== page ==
author = "Jiang, {Julie M.} and Nitin Ohri and Justin Tang and Moadel, {Renee M.} and Jacob Cynamon and Andreas Kaubisch and Milan Kinkhabwala and Garg, {Madhur K.} and Chandan Guha and Rafi Kabarriti",
year = "2019",
month = "1",
day = "1",
doi = "10.21037/jgo.2019.01.30",
language = "English (US)",
volume = "10",
pages = "546--553",
journal = "Journal of Gastrointestinal Oncology",
issn = "2078-6891",
publisher = "Pioneer Bioscience Publishing Company (PBPC)",
number = "3",

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TY - JOUR

T1 - Centers with more therapeutic modalities are associated with improved outcomes for patients with hepatocellular carcinoma

AU - Jiang, Julie M.

AU - Ohri, Nitin

AU - Tang, Justin

AU - Moadel, Renee M.

AU - Cynamon, Jacob

AU - Kaubisch, Andreas

AU - Kinkhabwala, Milan

AU - Garg, Madhur K.

AU - Guha, Chandan

AU - Kabarriti, Rafi

PY - 2019/1/1

Y1 - 2019/1/1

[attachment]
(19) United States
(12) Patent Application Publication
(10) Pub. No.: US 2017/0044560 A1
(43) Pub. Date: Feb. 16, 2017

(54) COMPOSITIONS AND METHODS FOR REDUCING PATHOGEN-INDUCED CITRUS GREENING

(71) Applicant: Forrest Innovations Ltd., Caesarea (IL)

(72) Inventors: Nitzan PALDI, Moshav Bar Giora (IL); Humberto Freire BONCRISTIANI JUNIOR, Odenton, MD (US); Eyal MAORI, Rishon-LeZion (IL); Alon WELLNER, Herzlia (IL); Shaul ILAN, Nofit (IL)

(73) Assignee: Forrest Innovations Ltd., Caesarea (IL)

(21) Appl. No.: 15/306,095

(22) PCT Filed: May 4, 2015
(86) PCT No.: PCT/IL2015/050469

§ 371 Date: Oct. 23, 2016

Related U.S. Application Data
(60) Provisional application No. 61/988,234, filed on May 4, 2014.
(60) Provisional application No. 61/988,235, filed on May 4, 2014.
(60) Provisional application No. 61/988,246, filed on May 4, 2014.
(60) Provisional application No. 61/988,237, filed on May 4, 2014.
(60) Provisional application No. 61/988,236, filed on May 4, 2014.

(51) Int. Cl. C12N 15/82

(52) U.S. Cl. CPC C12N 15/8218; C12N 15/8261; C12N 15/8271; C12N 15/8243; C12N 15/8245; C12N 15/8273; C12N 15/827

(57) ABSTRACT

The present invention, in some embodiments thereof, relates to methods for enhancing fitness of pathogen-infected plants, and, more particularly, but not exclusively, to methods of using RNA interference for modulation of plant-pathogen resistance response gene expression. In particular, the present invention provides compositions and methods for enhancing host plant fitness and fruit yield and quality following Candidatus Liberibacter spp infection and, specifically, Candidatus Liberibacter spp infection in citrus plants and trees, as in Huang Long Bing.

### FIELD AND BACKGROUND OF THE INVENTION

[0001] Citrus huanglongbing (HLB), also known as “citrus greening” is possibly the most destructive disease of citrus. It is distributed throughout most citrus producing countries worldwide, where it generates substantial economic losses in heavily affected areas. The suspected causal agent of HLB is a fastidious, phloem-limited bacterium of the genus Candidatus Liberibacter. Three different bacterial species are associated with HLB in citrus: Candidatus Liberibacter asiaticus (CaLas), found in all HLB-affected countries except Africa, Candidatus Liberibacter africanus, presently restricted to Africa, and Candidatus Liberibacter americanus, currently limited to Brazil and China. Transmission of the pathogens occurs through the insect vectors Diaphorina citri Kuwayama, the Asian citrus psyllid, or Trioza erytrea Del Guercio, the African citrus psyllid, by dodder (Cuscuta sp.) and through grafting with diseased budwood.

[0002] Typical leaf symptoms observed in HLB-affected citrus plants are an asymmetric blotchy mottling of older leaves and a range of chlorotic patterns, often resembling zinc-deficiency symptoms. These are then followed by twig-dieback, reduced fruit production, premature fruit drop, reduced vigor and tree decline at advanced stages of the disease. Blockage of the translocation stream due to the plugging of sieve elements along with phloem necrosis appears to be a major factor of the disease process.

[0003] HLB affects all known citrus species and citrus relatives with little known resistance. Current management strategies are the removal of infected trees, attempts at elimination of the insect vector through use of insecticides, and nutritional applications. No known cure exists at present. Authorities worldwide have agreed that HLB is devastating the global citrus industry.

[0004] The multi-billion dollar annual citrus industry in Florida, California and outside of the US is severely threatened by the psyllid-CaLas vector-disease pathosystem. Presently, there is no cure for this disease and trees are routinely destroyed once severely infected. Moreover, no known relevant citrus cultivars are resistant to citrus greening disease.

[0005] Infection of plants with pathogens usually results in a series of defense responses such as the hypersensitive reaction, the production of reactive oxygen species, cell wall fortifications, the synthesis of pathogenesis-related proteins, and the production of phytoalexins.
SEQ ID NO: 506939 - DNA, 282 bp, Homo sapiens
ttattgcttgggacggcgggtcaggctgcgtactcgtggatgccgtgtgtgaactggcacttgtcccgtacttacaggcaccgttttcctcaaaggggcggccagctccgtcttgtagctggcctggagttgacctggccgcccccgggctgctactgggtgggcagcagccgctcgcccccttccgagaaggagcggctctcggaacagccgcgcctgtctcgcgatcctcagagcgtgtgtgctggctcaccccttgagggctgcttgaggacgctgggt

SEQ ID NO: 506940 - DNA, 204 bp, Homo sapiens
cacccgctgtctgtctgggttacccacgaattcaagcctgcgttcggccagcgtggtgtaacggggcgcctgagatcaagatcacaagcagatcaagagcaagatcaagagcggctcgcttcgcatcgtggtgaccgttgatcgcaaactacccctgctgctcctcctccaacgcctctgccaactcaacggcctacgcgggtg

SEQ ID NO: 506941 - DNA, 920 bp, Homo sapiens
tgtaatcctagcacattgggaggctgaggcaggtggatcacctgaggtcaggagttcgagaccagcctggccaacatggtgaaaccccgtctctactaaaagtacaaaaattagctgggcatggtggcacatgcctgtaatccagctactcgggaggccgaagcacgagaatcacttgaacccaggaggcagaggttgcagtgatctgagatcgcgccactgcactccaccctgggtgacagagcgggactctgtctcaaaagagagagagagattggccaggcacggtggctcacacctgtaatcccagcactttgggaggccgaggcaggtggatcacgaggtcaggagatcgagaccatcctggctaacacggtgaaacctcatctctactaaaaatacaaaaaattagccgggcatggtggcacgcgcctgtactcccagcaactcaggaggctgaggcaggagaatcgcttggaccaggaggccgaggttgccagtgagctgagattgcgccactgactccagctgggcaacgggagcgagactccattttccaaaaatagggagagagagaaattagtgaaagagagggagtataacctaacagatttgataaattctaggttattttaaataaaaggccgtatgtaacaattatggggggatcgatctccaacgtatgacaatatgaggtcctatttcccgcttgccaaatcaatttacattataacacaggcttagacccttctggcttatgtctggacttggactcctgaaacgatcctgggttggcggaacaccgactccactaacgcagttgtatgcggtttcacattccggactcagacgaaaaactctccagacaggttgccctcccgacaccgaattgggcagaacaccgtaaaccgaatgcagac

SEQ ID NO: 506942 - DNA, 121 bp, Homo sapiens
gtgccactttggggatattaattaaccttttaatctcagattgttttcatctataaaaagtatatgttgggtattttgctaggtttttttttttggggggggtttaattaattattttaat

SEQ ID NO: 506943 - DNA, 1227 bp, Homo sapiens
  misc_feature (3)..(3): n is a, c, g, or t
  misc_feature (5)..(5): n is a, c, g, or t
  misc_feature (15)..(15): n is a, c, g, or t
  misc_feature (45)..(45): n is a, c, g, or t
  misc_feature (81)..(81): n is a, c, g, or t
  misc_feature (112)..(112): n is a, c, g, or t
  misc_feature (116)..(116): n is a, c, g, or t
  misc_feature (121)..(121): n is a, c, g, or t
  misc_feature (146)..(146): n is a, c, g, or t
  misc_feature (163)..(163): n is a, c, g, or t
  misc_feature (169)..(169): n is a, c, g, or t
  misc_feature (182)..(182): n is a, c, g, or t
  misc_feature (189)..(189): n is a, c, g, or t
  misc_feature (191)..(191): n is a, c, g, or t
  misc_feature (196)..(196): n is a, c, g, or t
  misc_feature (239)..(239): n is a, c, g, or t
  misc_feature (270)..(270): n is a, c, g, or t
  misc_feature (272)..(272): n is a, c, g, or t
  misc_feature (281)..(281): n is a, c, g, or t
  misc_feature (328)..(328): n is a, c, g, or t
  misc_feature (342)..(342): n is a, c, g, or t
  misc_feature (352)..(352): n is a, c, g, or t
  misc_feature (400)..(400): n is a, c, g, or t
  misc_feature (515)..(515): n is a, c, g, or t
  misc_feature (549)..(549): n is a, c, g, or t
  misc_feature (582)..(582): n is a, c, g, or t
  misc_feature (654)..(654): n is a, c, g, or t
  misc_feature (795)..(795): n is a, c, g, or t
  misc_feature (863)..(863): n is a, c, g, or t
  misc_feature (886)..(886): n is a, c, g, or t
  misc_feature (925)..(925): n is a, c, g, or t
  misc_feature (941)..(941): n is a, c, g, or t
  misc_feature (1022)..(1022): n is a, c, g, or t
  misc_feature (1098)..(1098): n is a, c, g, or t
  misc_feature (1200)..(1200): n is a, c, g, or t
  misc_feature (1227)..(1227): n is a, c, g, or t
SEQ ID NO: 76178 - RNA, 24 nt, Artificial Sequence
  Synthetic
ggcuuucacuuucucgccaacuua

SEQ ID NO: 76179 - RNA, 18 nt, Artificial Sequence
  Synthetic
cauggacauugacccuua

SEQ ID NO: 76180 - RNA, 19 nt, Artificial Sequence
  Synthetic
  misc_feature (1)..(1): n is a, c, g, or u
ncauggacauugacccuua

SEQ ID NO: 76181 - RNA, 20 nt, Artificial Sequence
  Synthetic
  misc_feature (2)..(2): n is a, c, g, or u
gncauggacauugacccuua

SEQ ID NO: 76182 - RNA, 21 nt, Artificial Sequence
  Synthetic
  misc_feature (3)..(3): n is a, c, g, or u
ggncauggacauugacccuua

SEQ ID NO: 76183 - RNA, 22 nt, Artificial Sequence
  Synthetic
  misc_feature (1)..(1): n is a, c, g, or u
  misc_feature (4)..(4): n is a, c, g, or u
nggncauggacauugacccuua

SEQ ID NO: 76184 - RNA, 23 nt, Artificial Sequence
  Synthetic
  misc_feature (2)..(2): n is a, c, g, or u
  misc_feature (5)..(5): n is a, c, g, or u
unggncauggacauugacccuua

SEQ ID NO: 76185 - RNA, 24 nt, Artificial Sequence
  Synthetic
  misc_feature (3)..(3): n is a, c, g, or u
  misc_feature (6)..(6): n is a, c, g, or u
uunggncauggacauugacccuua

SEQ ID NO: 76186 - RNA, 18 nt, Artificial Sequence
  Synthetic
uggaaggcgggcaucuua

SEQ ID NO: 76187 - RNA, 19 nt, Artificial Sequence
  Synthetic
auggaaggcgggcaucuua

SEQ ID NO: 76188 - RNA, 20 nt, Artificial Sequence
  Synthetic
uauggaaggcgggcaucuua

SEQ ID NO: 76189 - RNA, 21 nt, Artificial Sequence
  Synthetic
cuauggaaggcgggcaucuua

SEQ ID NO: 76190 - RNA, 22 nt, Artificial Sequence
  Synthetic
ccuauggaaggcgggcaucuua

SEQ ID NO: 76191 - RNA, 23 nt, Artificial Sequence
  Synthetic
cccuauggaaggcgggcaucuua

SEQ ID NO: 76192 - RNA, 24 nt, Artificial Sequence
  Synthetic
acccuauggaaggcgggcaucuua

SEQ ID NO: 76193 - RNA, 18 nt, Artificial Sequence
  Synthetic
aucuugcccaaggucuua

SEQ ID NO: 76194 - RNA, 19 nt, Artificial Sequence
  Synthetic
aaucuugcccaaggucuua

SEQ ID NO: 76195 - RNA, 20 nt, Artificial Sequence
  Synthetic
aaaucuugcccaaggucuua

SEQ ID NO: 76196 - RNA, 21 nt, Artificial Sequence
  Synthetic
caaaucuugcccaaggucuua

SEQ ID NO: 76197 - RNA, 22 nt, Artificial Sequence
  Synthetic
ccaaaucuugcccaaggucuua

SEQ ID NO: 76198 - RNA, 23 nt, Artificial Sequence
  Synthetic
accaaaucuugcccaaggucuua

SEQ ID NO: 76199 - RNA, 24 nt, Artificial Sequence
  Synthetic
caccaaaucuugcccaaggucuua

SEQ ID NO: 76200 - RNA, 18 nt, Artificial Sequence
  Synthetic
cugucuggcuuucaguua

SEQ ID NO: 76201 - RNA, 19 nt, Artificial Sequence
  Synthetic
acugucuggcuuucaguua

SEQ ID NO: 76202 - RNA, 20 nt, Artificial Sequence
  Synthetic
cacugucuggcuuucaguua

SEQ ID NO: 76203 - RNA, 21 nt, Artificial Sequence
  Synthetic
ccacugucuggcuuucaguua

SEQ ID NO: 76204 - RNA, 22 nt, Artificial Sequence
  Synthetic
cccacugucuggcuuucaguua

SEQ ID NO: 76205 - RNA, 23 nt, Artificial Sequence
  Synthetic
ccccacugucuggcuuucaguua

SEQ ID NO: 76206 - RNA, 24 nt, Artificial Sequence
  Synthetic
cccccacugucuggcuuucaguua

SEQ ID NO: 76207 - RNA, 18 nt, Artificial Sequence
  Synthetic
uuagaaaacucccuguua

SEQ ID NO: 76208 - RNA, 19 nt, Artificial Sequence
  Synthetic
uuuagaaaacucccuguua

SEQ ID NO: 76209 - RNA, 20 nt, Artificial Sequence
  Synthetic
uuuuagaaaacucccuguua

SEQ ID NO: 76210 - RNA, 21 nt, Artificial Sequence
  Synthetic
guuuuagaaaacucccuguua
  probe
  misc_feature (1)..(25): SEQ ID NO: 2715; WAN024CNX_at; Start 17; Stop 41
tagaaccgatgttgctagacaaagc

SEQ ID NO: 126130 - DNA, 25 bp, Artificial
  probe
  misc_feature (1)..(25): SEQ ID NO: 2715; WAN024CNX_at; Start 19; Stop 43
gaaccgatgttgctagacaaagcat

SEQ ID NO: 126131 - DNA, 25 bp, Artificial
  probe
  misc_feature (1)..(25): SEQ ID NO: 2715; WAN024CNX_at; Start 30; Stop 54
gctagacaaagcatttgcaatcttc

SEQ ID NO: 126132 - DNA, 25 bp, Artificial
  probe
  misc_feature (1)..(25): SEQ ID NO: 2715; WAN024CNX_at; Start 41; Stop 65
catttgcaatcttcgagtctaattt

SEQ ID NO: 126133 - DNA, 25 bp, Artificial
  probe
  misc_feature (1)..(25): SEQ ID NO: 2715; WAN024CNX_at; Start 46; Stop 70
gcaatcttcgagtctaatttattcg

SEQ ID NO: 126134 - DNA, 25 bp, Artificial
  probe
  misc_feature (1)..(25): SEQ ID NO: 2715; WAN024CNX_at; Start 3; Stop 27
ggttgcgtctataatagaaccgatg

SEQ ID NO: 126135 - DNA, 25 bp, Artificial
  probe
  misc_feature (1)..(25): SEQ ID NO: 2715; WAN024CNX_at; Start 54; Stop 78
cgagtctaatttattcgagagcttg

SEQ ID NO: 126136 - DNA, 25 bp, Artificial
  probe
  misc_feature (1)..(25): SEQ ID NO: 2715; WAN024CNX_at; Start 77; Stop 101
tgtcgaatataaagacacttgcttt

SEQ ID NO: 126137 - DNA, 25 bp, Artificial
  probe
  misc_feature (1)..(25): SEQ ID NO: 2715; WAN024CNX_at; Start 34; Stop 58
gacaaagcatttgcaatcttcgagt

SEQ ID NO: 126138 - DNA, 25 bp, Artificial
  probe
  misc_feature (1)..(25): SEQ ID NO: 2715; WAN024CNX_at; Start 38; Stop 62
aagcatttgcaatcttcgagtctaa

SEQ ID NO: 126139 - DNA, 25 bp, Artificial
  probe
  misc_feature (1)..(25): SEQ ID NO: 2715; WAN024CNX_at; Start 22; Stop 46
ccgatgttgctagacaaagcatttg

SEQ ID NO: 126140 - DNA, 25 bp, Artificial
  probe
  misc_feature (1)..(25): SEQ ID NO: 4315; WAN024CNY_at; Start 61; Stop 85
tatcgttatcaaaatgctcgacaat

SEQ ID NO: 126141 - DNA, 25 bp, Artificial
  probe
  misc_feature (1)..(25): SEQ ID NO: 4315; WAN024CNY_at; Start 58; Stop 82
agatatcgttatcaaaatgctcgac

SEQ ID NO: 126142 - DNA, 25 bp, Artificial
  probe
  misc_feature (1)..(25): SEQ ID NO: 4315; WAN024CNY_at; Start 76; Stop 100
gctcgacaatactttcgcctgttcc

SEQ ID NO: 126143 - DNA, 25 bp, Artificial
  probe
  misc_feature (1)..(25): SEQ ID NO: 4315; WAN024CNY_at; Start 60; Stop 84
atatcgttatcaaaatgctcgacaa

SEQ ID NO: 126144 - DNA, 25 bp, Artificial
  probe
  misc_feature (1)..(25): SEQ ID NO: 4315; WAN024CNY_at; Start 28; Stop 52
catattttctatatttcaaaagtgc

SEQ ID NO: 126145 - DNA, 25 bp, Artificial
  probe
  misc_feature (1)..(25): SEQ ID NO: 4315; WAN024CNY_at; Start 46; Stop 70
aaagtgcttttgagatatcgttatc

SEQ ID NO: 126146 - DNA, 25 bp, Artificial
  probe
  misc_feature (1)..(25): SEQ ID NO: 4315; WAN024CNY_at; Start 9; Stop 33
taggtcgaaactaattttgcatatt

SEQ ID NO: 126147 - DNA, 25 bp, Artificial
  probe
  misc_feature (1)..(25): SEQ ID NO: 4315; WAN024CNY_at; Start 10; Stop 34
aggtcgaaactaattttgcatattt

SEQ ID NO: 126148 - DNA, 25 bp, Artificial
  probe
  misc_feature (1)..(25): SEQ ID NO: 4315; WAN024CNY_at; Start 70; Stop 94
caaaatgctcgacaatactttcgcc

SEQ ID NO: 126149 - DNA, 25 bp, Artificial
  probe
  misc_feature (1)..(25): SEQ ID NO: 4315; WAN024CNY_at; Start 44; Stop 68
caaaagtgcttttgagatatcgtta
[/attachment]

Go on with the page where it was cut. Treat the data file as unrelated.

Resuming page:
N2 - Background: Higher facility volume is correlated to better overall survival (OS), but there is little knowledge on the effect of facility treatment modality number on OS in hepatocellular carcinoma (HCC). Methods: This is a retrospective analysis of data from the National Cancer Database (NCDB) from 2004-2014 on patients with non-metastatic HCC. Treatment modalities assessed were surgical resection, transplantation, ablation, radioembolization, stereotactic body radiation therapy (SBRT), single-agent chemotherapy, and multi-agent chemotherapy. Facilities were dichotomized at the median of the listed treatment modalities. Results: There were a total of 112,512 patients with non-metastatic HCC. Of a total of 1,230 sites, 830 (67.5%) used four or fewer modalities. Average survival for patients treated at facilities using fewer modalities was 12.0 and 23.5 months for those treated at facilities with more modalities [hazard ratio (HR) =0.52, 95% confidence interval (CI): 0.51-0.53, P<0.001]. After adjusting for facility volume, liver function, tumor and patient characteristics and other prognostic factors in a multivariable Cox model, treatment at a multi-modality facility still provided a survival advantage (HR =0.60, 95% CI: 0.52-0.70, P<0.001). This benefit also persisted after propensity score matching. Sensitivity analysis varying the cut point from 2 to 6 modalities for dichotomization showed that the benefit persisted. Subgroup stratified analyses based on stage showed that the benefit in OS was highest for patients with stage I and II (P≤0.002) but was not significant for stage III or IVa. Conclusions: Institutions that offered more treatment modalities had improved OS for patients with non-metastatic HCC, especially for those with stage I and II.